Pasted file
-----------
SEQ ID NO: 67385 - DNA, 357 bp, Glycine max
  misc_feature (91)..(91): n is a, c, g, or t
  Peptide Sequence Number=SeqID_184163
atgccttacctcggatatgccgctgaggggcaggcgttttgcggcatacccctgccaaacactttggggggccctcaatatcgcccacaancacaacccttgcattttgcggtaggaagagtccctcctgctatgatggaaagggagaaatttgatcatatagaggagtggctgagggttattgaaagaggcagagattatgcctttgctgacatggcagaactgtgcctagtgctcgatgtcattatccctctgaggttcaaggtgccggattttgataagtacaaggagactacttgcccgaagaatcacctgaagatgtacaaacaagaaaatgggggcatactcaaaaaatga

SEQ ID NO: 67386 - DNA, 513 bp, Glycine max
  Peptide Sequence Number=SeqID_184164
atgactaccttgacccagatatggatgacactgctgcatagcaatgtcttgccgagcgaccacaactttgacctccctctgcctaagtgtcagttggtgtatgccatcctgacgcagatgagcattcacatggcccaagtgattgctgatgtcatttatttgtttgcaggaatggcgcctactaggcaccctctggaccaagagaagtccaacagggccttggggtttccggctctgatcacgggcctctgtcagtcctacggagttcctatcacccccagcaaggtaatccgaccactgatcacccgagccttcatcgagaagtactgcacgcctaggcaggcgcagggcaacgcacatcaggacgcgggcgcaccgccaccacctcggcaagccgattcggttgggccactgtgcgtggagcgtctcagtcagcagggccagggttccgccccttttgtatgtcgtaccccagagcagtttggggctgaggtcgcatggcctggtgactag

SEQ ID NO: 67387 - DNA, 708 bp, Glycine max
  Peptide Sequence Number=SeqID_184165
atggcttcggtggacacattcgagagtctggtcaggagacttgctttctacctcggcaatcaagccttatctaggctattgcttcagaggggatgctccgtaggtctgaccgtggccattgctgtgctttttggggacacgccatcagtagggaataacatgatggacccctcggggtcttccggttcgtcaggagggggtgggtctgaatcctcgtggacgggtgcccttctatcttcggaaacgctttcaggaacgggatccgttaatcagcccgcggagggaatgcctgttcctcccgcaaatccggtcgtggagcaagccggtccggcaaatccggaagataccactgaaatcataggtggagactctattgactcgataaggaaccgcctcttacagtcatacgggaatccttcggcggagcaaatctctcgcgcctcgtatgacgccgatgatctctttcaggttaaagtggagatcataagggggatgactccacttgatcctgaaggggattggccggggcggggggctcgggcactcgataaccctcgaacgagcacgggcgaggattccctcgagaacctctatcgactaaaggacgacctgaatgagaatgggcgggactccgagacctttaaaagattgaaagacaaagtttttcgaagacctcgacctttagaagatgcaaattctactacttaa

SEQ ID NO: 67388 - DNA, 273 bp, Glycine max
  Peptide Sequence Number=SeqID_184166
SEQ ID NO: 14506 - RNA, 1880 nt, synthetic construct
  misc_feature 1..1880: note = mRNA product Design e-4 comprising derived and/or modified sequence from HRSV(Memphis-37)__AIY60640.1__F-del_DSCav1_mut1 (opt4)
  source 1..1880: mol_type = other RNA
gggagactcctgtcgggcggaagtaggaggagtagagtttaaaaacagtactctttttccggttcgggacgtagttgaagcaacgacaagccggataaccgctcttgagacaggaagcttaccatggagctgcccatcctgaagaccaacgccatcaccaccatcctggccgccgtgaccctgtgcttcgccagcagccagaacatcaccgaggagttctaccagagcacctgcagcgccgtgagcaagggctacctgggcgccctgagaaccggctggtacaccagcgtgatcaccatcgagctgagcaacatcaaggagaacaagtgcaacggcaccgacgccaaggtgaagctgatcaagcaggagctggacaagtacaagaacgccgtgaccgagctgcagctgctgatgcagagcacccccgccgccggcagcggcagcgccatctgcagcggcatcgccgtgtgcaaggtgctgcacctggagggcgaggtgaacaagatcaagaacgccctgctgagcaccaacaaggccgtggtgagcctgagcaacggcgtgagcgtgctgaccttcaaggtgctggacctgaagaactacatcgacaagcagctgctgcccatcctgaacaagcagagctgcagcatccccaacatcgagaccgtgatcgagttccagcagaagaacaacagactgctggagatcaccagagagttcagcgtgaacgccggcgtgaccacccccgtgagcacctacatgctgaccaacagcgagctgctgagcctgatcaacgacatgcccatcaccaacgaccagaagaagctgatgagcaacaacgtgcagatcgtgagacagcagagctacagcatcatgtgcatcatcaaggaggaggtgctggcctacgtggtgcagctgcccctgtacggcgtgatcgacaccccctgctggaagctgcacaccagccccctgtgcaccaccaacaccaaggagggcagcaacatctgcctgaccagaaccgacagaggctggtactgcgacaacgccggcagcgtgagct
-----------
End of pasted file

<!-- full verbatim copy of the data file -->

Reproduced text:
SEQ ID NO: 67385 - DNA, 357 bp, Glycine max
  misc_feature (91)..(91): n is a, c, g, or t
  Peptide Sequence Number=SeqID_184163
atgccttacctcggatatgccgctgaggggcaggcgttttgcggcatacccctgccaaacactttggggggccctcaatatcgcccacaancacaacccttgcattttgcggtaggaagagtccctcctgctatgatggaaagggagaaatttgatcatatagaggagtggctgagggttattgaaagaggcagagattatgcctttgctgacatggcagaactgtgcctagtgctcgatgtcattatccctctgaggttcaaggtgccggattttgataagtacaaggagactacttgcccgaagaatcacctgaagatgtacaaacaagaaaatgggggcatactcaaaaaatga

SEQ ID NO: 67386 - DNA, 513 bp, Glycine max
  Peptide Sequence Number=SeqID_184164
atgactaccttgacccagatatggatgacactgctgcatagcaatgtcttgccgagcgaccacaactttgacctccctctgcctaagtgtcagttggtgtatgccatcctgacgcagatgagcattcacatggcccaagtgattgctgatgtcatttatttgtttgcaggaatggcgcctactaggcaccctctggaccaagagaagtccaacagggccttggggtttccggctctgatcacgggcctctgtcagtcctacggagttcctatcacccccagcaaggtaatccgaccactgatcacccgagccttcatcgagaagtactgcacgcctaggcaggcgcagggcaacgcacatcaggacgcgggcgcaccgccaccacctcggcaagccgattcggttgggccactgtgcgtggagcgtctcagtcagcagggccagggttccgccccttttgtatgtcgtaccccagagcagtttggggctgaggtcgcatggcctggtgactag

SEQ ID NO: 67387 - DNA, 708 bp, Glycine max
  Peptide Sequence Number=SeqID_184165
atggcttcggtggacacattcgagagtctggtcaggagacttgctttctacctcggcaatcaagccttatctaggctattgcttcagaggggatgctccgtaggtctgaccgtggccattgctgtgctttttggggacacgccatcagtagggaataacatgatggacccctcggggtcttccggttcgtcaggagggggtgggtctgaatcctcgtggacgggtgcccttctatcttcggaaacgctttcaggaacgggatccgttaatcagcccgcggagggaatgcctgttcctcccgcaaatccggtcgtggagcaagccggtccggcaaatccggaagataccactgaaatcataggtggagactctattgactcgataaggaaccgcctcttacagtcatacgggaatccttcggcggagcaaatctctcgcgcctcgtatgacgccgatgatctctttcaggttaaagtggagatcataagggggatgactccacttgatcctgaaggggattggccggggcggggggctcgggcactcgataaccctcgaacgagcacgggcgaggattccctcgagaacctctatcgactaaaggacgacctgaatgagaatgggcgggactccgagacctttaaaagattgaaagacaaagtttttcgaagacctcgacctttagaagatgcaaattctactacttaa

SEQ ID NO: 67388 - DNA, 273 bp, Glycine max
  Peptide Sequence Number=SeqID_184166
SEQ ID NO: 14506 - RNA, 1880 nt, synthetic construct
  misc_feature 1..1880: note = mRNA product Design e-4 comprising derived and/or modified sequence from HRSV(Memphis-37)__AIY60640.1__F-del_DSCav1_mut1 (opt4)
  source 1..1880: mol_type = other RNA
gggagactcctgtcgggcggaagtaggaggagtagagtttaaaaacagtactctttttccggttcgggacgtagttgaagcaacgacaagccggataaccgctcttgagacaggaagcttaccatggagctgcccatcctgaagaccaacgccatcaccaccatcctggccgccgtgaccctgtgcttcgccagcagccagaacatcaccgaggagttctaccagagcacctgcagcgccgtgagcaagggctacctgggcgccctgagaaccggctggtacaccagcgtgatcaccatcgagctgagcaacatcaaggagaacaagtgcaacggcaccgacgccaaggtgaagctgatcaagcaggagctggacaagtacaagaacgccgtgaccgagctgcagctgctgatgcagagcacccccgccgccggcagcggcagcgccatctgcagcggcatcgccgtgtgcaaggtgctgcacctggagggcgaggtgaacaagatcaagaacgccctgctgagcaccaacaaggccgtggtgagcctgagcaacggcgtgagcgtgctgaccttcaaggtgctggacctgaagaactacatcgacaagcagctgctgcccatcctgaacaagcagagctgcagcatccccaacatcgagaccgtgatcgagttccagcagaagaacaacagactgctggagatcaccagagagttcagcgtgaacgccggcgtgaccacccccgtgagcacctacatgctgaccaacagcgagctgctgagcctgatcaacgacatgcccatcaccaacgaccagaagaagctgatgagcaacaacgtgcagatcgtgagacagcagagctacagcatcatgtgcatcatcaaggaggaggtgctggcctacgtggtgcagctgcccctgtacggcgtgatcgacaccccctgctggaagctgcacaccagccccctgtgcaccaccaacaccaaggagggcagcaacatctgcctgaccagaaccgacagaggctggtactgcgacaacgccggcagcgtgagct